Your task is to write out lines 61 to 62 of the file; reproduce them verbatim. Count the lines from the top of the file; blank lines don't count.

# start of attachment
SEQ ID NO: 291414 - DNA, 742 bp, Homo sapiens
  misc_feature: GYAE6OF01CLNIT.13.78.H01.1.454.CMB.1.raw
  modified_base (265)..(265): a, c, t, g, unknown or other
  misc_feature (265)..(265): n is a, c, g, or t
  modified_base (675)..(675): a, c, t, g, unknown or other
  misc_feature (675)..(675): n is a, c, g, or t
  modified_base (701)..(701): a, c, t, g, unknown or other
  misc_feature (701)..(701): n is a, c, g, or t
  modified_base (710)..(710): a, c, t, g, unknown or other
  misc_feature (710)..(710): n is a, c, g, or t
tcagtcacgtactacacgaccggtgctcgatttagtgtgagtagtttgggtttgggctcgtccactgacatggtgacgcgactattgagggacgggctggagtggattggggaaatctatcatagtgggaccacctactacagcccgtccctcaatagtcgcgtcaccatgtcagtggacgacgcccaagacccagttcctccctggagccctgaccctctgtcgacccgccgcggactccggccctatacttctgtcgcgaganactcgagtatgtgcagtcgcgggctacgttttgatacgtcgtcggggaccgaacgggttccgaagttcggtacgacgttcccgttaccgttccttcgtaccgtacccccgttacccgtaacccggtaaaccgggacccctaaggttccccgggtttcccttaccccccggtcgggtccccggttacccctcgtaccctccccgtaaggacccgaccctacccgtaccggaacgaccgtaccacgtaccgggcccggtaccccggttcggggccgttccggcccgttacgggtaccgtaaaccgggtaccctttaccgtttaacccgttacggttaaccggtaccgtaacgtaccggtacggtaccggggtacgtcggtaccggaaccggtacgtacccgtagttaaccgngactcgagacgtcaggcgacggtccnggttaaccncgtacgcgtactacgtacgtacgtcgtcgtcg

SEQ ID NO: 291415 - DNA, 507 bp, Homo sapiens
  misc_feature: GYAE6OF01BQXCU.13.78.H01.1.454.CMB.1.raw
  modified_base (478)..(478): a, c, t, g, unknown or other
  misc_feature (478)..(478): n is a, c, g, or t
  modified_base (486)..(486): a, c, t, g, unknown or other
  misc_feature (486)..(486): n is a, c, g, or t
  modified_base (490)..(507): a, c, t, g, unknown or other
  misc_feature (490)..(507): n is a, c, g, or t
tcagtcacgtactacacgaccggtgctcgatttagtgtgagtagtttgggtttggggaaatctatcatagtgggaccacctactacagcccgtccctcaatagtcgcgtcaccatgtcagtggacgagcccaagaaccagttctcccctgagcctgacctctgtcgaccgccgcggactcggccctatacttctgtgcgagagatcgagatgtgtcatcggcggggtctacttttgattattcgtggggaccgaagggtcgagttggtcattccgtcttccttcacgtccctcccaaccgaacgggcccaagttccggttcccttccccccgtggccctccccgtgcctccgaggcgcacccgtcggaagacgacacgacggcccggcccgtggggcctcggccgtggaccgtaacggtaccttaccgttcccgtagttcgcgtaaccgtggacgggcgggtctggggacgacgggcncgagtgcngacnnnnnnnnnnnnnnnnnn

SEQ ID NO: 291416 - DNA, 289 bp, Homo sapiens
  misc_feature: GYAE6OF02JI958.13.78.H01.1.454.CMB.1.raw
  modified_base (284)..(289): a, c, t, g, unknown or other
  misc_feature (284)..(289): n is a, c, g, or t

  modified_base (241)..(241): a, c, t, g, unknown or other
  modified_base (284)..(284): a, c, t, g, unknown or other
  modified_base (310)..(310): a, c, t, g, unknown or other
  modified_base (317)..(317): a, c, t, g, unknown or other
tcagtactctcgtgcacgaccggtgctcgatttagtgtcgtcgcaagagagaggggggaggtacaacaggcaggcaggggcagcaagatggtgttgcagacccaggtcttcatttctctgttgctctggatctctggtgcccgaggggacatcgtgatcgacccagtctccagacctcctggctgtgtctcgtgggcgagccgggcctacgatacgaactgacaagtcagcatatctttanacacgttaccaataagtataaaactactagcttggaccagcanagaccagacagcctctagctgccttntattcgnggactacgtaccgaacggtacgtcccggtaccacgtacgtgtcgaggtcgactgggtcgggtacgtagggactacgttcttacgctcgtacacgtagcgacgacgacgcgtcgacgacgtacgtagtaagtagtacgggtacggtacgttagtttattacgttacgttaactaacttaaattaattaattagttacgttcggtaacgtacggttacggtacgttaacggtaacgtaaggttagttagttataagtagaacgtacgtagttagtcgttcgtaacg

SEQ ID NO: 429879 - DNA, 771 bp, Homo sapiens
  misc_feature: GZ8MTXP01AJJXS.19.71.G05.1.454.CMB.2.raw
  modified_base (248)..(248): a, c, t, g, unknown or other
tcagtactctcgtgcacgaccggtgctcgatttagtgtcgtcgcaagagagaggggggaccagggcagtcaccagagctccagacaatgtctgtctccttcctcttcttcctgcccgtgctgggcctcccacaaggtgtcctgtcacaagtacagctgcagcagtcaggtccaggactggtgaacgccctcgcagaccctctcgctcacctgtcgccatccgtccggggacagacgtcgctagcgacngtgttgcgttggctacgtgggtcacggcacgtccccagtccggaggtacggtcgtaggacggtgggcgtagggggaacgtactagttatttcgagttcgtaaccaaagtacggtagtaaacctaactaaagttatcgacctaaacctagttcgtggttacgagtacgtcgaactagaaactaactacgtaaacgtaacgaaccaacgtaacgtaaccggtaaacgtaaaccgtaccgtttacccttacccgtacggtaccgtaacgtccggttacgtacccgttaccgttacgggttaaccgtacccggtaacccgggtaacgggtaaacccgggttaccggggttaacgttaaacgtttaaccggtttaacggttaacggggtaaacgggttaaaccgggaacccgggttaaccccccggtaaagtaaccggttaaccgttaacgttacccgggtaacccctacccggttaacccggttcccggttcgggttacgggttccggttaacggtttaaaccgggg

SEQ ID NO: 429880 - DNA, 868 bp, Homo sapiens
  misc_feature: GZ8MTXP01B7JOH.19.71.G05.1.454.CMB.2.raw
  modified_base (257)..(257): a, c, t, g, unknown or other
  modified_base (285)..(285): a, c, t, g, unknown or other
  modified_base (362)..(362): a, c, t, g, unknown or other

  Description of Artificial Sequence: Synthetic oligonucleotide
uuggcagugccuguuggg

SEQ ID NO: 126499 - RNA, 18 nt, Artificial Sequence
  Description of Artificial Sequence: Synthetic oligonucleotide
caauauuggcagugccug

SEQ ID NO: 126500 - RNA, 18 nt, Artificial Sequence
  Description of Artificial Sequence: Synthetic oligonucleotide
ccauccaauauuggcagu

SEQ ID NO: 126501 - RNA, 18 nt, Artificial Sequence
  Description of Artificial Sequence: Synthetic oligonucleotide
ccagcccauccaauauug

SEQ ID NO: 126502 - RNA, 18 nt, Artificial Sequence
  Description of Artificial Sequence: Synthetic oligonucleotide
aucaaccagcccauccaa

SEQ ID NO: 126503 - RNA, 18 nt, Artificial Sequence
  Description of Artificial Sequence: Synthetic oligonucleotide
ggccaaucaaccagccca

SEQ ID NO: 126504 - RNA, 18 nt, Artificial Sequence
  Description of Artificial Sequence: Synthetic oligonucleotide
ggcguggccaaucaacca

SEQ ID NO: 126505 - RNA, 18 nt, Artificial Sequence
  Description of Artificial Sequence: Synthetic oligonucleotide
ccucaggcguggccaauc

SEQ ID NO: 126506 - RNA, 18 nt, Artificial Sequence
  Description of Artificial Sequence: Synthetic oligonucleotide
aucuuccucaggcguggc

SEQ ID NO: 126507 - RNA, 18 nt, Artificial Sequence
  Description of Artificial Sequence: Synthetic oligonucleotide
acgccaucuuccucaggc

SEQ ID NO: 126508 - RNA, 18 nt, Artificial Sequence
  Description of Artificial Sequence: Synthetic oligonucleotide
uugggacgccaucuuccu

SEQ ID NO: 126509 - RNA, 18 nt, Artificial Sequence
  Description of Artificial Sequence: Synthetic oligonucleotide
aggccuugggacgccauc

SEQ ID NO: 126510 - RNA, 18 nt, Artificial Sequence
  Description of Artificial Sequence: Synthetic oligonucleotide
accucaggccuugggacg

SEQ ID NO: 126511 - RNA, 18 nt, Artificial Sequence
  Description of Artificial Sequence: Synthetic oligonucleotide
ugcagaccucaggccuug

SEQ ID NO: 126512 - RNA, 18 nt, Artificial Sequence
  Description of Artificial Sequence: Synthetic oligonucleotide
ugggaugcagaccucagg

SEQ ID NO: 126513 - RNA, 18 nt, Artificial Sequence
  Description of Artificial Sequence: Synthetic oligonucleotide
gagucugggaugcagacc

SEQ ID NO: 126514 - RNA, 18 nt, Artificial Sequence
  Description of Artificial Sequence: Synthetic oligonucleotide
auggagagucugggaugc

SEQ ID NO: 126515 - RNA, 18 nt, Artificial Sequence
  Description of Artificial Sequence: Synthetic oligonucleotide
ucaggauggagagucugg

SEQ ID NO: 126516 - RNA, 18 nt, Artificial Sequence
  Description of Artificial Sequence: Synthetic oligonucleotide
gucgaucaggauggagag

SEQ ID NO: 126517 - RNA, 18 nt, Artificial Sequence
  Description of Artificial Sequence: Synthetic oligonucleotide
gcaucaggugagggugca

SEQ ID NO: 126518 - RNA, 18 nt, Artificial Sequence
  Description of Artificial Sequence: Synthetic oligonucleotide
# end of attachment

ccucaggcguggccaauc

SEQ ID NO: 126506 - RNA, 18 nt, Artificial Sequence